Simultaneous reduction of nitric oxides (NOx) and particulate matter (PM) emissions is possible in a diesel engine by employing a Partially Premixed Compression Ignition (PPCI) strategy. PPCI combustion is attainable with advanced injection timings and heavy exhaust gas recirculation rates. However, over-advanced injection timing can result in the fuel spray missing the combustion bowl, thus dramatically elevating PM emissions. The present study investigates whether the use of narrow spray cone angle injector nozzles can extend the limits of early injection timings, allowing for PPCI combustion realization. It is shown that a low flow rate, 60-degree spray cone angle injector nozzle, along with optimized EGR rate and split injection strategy, can reduce engine-out NOx by 82% and PM by 39%, at the expense of a modest increase (4.5%) in fuel consumption. This PPCI strategy has the potential for meeting upcoming stringent fuel specific NOx emission levels of less than 1 g/kg-fuel and fuel specific PM levels less than 0.25 g/kg-fuel.
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Fuel Economy and Engine-Out Emissions from a Single-Cylinder Two-Valve Direct-Injection S.I. Engine Operating in the Stratified-Combustion Regime

GM R&D and Planning-A. C. Alkidas, A. M. Lippert, D. L. Reuss
GM Powertrain-J. Liedtke, K.-J. Wu
Published 2002-10-21 by SAE International in United States
This study is an experimental and computational investigation of the influence of injection timing, fuel spray orientation, and in-cylinder air motion on the combustion, fuel economy, and engine-out emissions of a single-cylinder, 2-valve, spark-ignition direct-injection (SIDI) engine, operating under stratified-charged conditions. For the best compromise between fuel consumption, combustion stability, engine-out hydrocarbon emissions and smoke, the engine required relatively retarded injection timings (in comparison to other charge- or wall-controlled DI engines), high swirl levels, and a spray orientation that is directed towards the intake-valve side and targets the ridge wall of the piston. The stratified combustion was thus found to be a combination of wall and charge control, as indicated by the indirect spray targeting relative to the spark location coupled with the high swirl requirements of the engine, as well as the crucial role of the piston ridge in deflecting the fuel vapor towards the spark gap. The CFD computations, which showed close agreement with the experimental results, suggest that minimizing the amount of fuel deposited on the piston surface is a requirement for…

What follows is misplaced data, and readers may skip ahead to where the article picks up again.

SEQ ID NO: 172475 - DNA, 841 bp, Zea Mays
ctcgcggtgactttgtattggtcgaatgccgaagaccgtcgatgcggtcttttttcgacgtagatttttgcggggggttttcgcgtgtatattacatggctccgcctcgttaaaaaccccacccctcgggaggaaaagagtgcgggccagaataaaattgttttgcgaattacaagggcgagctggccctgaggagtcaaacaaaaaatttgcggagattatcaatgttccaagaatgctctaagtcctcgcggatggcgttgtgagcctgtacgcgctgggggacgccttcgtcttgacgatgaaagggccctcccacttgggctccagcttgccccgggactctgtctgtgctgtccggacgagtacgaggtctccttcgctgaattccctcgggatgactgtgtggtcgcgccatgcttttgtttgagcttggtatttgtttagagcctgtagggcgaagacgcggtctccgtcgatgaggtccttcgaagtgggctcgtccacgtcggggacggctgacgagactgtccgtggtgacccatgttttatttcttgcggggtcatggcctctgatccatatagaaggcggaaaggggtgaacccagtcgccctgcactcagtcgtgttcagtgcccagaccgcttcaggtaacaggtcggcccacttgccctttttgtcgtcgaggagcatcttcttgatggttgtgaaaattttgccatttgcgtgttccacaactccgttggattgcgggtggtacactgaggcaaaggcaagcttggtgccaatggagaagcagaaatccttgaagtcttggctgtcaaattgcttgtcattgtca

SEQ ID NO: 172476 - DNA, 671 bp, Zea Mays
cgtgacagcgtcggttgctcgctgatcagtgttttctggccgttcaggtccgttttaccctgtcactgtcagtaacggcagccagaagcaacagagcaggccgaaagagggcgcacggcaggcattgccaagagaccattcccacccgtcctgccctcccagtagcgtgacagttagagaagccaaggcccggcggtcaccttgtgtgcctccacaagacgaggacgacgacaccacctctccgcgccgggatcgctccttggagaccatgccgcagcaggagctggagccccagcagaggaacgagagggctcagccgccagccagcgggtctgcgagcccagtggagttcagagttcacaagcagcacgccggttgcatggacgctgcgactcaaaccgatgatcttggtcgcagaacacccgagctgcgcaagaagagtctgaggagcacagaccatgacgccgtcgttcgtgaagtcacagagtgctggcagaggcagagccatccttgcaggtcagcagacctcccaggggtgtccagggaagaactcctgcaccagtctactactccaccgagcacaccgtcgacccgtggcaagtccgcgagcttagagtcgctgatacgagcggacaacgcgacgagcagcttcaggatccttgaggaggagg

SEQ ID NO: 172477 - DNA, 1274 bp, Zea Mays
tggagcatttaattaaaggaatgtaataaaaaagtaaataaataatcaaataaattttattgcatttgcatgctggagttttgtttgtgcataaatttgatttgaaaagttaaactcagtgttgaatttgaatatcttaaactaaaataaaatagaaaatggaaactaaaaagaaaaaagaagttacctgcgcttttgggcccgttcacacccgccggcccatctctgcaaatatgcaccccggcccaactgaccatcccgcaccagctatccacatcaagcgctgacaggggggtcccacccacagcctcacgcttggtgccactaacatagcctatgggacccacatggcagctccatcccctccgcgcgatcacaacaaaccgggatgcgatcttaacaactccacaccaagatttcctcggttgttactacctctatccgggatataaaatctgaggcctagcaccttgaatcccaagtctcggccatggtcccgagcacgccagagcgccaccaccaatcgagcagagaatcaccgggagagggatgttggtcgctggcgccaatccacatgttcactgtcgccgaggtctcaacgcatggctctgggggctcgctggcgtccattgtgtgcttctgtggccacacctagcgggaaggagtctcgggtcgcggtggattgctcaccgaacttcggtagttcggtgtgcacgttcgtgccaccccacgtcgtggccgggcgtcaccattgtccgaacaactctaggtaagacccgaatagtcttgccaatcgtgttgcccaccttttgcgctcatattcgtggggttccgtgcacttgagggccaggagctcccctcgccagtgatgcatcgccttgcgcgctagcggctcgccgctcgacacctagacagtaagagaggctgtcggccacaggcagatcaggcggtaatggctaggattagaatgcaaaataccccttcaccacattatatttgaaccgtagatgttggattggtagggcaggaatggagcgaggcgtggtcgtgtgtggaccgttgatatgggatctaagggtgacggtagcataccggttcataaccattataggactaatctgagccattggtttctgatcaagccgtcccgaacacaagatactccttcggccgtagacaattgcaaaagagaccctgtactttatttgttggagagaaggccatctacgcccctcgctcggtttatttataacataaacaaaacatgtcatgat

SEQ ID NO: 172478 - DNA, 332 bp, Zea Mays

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Modifying an Intake Manifold to Improve Cylinder-to-Cylinder EGR Distribution in a DI Diesel Engine Using Combined CFD and Engine Experiments

GM R&D and Planning-Robert M. Siewert, Roger B. Krieger, Mark S. Huebler, Prafulla C. Baruah, Bahram Khalighi
Opel Powertrain GmbH-Markus Wesslau
Published 2001-09-24 by SAE International in United States
Improved cylinder-to-cylinder distribution of EGR in a 2-L Direct-Injection (DI) Diesel engine has been identified as one enabler to help reach more stringent emission standards. Through a combined effort of modeling, design, and experiment, two manifolds were developed that improve EGR distribution over the original manifold while minimizing design changes to engine components or interfering with the many varied vehicle platform installations.One of the modified manifolds, an elevated EGR entry (EEE) approach, provided a useful improvement over the original design that meet Euro-II emission standards, and has been put into production as it enabled meeting the Euro III emissions requirements a year early. The second revision, the distributed EGR entry (DEE) design, showed potential for further improvement in EGR distribution. This design has two EGR outlets rather than the one used in the original and EEE manifolds, and was first identified by modeling to be a promising concept. Using rapid prototype parts with variable geometry, over 40 variations of the DEE concept were studied experimentally in an attempt to identify an improved configuration. Parallel CFD…
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Intake-Valve Temperature Histories During S.I. Engine Warm-Up

GM R&D and Planning-Alex C. Alkidas
Published 2001-05-14 by SAE International in United States